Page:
Psst! Don’t mention Battle Royale. Too late! I mentioned it. Novelist Suzanne Collins is on record as saying that she’d never heard of the Battle Royale book, or it’s author before submitting her manuscript. I’ll admit I haven’t read either book, and only have the movie adaptation of Battle Royale to compare. It’s true that both stories feature an oddball future where children are put to war against each other, to send a message to the masses. Both in a forest. And both with whatever weapon they end up with in the ensuing battle. Deaths are announced as they happen. There are many similarities.
Battle Royale, a great movie, isn’t perfect. And there are a few differences in the way The Hunger Games is told. After all, films where thugs, innocent people, soldiers or whoever are placed into a high pressure situation and forced to kill each other for entertainment is nothing new. It’s in films like The Running Man, The Condemned, Series 7: The Contenders, and probably even a few others I’ve missed. Way back in 1969, Peter Watkins made a film called The Gladiators, where war has been reduced to countries fielding hand-picked teams to fight it out in the “international peace games” as a safer way than nuclear warfare to settle disputes.
So really, it’s not like this sort of film is getting released every other week. If we can have a million movies where a wronged cop goes after the mafia kingpin who slaughtered his family, I’d say there’s probably room for both Battle Royaleand The Hunger Games. Even though I’m not convinced that Suzanne Collins is telling the complete truth, I’m willing to give her the benefit of the doubt.
So, is the film actually any good? Well, it’s inoffensively enjoyable. Now, I’m not sure that’s how I should feel about a film where kids are picked at random and made to slaughter each other. It’s not really a subject that should while away a pleasant Sunday afternoon. I think it’s down to the film being a little gutless, and showing very small amounts of blood, with most deaths happening just off-screen or in conveniently placed shadows. I’m guessing the book could get away with showing a bit more gore.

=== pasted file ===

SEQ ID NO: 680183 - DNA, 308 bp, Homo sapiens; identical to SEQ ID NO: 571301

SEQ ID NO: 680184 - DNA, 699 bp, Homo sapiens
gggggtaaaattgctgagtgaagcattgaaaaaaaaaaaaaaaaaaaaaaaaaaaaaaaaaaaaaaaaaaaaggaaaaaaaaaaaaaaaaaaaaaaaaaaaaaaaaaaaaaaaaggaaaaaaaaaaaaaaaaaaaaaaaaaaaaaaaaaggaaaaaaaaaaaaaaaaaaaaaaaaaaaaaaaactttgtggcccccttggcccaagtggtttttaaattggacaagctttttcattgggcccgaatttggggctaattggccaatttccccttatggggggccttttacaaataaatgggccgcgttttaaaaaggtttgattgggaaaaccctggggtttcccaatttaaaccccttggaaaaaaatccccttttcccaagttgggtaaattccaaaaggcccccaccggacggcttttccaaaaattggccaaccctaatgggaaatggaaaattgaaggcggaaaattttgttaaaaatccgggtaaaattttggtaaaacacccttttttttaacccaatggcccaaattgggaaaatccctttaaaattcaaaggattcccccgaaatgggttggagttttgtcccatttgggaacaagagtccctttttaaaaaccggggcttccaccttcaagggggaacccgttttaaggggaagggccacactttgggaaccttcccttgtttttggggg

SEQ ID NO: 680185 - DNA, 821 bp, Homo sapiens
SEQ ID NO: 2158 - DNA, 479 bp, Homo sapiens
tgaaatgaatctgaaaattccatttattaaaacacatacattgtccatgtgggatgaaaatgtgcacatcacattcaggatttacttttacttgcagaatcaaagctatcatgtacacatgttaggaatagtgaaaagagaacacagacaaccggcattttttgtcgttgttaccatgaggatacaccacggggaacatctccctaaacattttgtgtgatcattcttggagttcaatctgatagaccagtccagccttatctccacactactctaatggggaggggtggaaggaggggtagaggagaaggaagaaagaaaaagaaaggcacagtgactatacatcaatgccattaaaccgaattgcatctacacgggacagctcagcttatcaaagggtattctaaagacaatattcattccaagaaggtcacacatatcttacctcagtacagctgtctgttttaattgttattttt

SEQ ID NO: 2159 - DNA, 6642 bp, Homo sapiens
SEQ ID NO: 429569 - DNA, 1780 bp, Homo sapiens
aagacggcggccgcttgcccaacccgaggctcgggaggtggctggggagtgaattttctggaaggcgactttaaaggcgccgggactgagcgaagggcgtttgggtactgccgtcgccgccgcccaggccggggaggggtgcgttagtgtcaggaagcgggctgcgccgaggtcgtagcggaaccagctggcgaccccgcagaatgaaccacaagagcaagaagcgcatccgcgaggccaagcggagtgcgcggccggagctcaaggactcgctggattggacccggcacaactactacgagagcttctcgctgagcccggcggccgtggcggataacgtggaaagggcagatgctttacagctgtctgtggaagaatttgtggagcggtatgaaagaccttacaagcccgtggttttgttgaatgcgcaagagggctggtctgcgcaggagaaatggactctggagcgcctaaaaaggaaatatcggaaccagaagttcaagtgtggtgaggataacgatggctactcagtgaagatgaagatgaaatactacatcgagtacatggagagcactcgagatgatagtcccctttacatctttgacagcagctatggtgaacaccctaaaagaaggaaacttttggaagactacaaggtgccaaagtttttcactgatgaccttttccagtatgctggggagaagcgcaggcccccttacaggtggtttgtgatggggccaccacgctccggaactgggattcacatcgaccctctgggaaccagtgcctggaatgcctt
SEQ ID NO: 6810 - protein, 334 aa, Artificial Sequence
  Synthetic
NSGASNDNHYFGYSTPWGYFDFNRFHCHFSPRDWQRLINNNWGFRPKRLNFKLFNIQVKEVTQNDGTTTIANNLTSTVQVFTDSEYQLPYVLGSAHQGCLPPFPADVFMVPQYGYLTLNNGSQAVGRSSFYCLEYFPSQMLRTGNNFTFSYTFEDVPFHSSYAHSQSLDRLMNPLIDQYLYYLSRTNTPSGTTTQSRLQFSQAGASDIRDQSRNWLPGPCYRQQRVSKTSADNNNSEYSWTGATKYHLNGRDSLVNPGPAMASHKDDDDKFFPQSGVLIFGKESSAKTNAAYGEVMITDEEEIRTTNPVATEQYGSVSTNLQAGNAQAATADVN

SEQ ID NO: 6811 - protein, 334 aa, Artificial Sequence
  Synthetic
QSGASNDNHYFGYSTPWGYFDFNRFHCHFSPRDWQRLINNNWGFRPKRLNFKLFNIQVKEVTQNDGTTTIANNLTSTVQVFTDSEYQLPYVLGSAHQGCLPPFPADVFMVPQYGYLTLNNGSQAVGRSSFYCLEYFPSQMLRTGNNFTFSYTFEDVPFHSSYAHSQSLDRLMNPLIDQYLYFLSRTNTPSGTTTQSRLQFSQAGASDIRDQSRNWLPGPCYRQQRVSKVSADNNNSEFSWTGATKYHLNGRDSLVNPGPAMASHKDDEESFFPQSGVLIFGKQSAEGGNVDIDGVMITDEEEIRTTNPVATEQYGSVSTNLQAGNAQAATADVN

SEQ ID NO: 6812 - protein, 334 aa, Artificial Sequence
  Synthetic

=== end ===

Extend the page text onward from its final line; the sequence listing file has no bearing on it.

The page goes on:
But do I want to see teenagers getting hacked to pieces in graphic detail? No, not really. But if your story hinges exclusively on a contest where teenagers are killing each other, and it’s air-brushed for a family friendly audience, then it’s disturbing for the wrong reasons.
Disturbing not because I’m horrified by what these kids have to go through, but because I can hear the cash tills ringing as a science fiction franchise wheezes into life. One whose subject has been made blander, and safer, to get more bums on seats. In some ways, I can understand. The target audience — chiefly the teenagers who’ve read the book — would be frozen out of their own film if it was too extreme. I can’t imagine the suits in Hollywood losing much sleep over more ticket sales, however. The decision to play it safe must’ve been a no-brainer.
Having said that, I’m quite impressed with how earnest some of these films based on young adult novels are. The Hunger Games is no exception. At times, it may seem overwrought and humourless, but some of Hollywood’s big blockbusters for the older generation are positively inane in comparison, concerned as they are with nothing but spectacle.
However, there’s still something rather average about the whole thing. Thankfully, it has Jennifer Lawrence at its centre. She doesn’t have to do a lot. For the second half of the movie she’s just running through a forest, sleeping up trees, and catching squirrels for her supper.
But this is Jennifer Lawrence. Such is the mesmerising quality of that big, soulful face, I’m quite happy to watch a couple of hours of Jennifer Lawrence just running through a forest, sleeping up trees, and catching squirrels for her supper. Her beguiling presence pulls the film above average.
Where The Hunger Games scores points over Battle Royale is the tease of two further sequels in a planned trilogy. Battle Royale is a great film. Battle Royale 2is terrible. So there’s a chance if the sequels deliver on story (if not bravery in the depiction of its brutal games), then it may surpass the movie it’s been accused of ripping off.